JUSTIN TIMBERLAKE IS PLAYING the long game. He’s the Kasparov of showbiz. He has survived far longer than most artists, tracing an arc from pop-culture absurd — first appearing on the Mickey Mouse Club at age 11 — to pop-culture sublime, a solo career that has triumphed at a time when entertainment, and celebrity, have become more disposable than ever. “I’m 32,” he says over coffee this summer in downtown Manhattan. “I know that I’m still young, but I’ve been in this business two-thirds of my life and you just learn that some things are accepted the way you hope and some aren’t.”
To a remarkable degree, across multiple disciplines, they have been: his band ’N Sync’s success, at its time, rivaled that of the Beatles; teeny-bopper adulation could’ve been a velvet coffin, as it was for other members of his group and that of the other ’90s phenomenon, the Backstreet Boys. But Timberlake methodically worked his way out of it, rebranding himself as a dapper solo artist, a picker of modest but choice acting roles (most notably as Sean Parker in “The Social Network“) and as a master of this generation’s gift to comedy, the viral short. The digital shorts he created with the music-comedy trio the Lonely Island, and his “Saturday Night Live” skits, centered largely on parodies of oversexed ’90s R&B stars. They also served to gently distance him from his teenage self, less oversexed than, say, the members of Jodeci, but perhaps similarly mockable. He also, smartly, knew when to shut up, going AWOL from music for almost seven years, absent some key collaborations, before returning this spring with a complex, densely produced best-selling album, “The 20/20 Experience.”
“You get to this point, which I’ve done in the last five or six years, where you become less worried about success and failure,” he says, speaking of “20/20,” which is filled with eight-minute rave-ups and signature Timbaland trance-outs. He may be only in his early 30s, but he has taken on the philosophical aspect of someone a generation older. “I’m sure there’s some self-help cheese-ball book about the gray area,” he says, “but I’ve been having this conversation with my friends who are all about the same age and I’m saying, ‘Y’know, life doesn’t happen in black and white.’ The gray area is where you become an adult . . . the medium temperature, the gray area, the place between black and white. That’s the place where life happens.”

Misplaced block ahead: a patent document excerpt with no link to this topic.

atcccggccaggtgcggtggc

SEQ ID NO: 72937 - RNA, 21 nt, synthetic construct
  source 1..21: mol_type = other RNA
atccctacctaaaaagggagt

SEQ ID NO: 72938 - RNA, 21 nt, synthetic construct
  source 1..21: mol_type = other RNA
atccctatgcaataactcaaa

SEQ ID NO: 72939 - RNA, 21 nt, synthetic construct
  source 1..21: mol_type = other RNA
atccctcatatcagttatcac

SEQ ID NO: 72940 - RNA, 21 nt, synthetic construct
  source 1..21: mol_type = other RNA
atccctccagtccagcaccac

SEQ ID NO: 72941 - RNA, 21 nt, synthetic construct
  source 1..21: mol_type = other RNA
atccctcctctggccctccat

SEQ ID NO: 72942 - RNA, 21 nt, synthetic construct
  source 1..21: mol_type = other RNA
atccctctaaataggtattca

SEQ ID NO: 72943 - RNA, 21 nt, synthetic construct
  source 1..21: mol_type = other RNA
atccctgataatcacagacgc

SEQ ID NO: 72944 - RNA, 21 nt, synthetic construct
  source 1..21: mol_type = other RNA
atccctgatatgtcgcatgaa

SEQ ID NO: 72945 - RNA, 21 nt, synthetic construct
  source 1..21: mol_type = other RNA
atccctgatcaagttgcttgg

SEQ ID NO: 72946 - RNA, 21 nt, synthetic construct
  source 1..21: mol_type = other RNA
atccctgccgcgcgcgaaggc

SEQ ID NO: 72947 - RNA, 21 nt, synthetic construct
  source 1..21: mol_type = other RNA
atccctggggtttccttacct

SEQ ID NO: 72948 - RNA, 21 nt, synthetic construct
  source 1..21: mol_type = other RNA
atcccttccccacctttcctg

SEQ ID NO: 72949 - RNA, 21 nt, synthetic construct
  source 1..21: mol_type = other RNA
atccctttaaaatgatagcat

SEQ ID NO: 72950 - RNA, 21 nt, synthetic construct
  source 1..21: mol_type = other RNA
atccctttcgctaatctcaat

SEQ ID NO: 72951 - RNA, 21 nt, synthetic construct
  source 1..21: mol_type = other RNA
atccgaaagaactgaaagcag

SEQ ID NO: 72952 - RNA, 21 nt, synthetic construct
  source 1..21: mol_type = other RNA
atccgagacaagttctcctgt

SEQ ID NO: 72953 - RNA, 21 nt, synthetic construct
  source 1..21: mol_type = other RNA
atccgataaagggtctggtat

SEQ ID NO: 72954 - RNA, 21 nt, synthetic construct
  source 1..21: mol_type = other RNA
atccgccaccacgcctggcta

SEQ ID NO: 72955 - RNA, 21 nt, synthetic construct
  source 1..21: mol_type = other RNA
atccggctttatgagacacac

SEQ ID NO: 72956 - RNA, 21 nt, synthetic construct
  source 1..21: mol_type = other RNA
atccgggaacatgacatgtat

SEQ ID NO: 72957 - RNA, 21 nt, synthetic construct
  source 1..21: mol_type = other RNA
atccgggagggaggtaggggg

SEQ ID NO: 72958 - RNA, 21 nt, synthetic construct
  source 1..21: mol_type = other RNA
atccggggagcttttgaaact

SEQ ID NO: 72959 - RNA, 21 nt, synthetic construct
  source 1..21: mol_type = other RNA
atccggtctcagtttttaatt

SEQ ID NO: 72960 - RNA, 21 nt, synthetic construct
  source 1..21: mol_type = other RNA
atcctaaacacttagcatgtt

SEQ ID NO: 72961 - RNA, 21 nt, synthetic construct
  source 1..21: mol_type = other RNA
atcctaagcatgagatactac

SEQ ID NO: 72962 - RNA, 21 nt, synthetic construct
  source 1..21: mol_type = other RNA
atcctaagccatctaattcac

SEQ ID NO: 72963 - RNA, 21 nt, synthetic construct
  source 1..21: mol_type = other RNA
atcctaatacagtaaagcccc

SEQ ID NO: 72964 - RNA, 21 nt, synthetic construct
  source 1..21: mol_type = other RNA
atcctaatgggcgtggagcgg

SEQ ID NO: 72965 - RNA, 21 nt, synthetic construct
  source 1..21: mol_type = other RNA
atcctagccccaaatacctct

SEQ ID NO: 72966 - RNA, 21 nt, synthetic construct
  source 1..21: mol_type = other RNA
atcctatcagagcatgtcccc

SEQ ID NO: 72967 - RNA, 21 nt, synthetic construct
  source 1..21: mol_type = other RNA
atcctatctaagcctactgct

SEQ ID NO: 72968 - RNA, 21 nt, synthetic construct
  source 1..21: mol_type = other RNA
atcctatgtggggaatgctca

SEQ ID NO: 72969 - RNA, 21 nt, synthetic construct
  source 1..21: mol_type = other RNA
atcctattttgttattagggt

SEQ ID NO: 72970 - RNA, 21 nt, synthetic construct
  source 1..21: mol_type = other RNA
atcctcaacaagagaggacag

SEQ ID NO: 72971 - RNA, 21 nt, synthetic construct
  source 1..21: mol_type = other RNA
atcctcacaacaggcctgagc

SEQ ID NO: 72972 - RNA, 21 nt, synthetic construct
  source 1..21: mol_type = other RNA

Others spend years in obscurity, carving off pounds of credibility for meager dollops of fame. Timberlake was more or less born famous, disposably so, and then fought his way to something more real and lasting. And he has done it over a two-decade span that has been marked by rapid-fire cultural churn, building up and tearing down artists at a manic pace. You jump on the party bus only to see it crash in a ditch moments later. Timberlake’s secret has been to remain detached from these hyper-accelerated comings and goings of fad, trend, in, out. “If you can answer the question of why you’re doing it, it’s the right thing to do,” he says in Mr. Miyagi mode, describing his decision to put out his first album since “FutureSex/LoveSounds” in 2006, a gap in content production that would have spelled doom to a lesser talent. “To answer the question ‘Why?’ for the first time in my career, is: because I wanted to.”
This year, among other things he wants to do, is put out the second part of “The 20/20 Experience,” which he describes intriguingly as the “hotter, older evil twin sister” of “20/20,” and then, even more intriguingly: “If you could imagine you’re 16 and she’s everything you thought. She’s Marilyn Monroe and then you meet her older sister; everything that’s dark and wrong about her at that age is why you become infatuated with her.” Hot, older “20/20″ will be supported by a major arena tour this fall.
This, after he headlined a sold-out stadium tour this summer with Jay Z, an intermittently awkward and thrilling pairing of two very different showbiz traditions, or at least two people who learned very different things watching Frank Sinatra. Jay Z took Sinatra’s suit-and-tie phlegmatic self-confidence, merged it with hip-hop’s swagger and created a model for the 40-plus black artist/businessman that is unprecedented in the genre. Timberlake took from the crowd-pleasing Sinatra, bringing back the idea of the “performer”: the all-singing, all-dancing entertainer, whose craft didn’t interfere with showing the fans a good time. Along the way, thanks in part to the growing amount of time spent collaborating with Jay Z, he has modeled a new kind of postracial, postmacho white male.
Read the rest at the source
magazine cover source: http://www.justjared.com/photo-gallery/2950773/justin-timberlake-covers-t-style-magazine-01/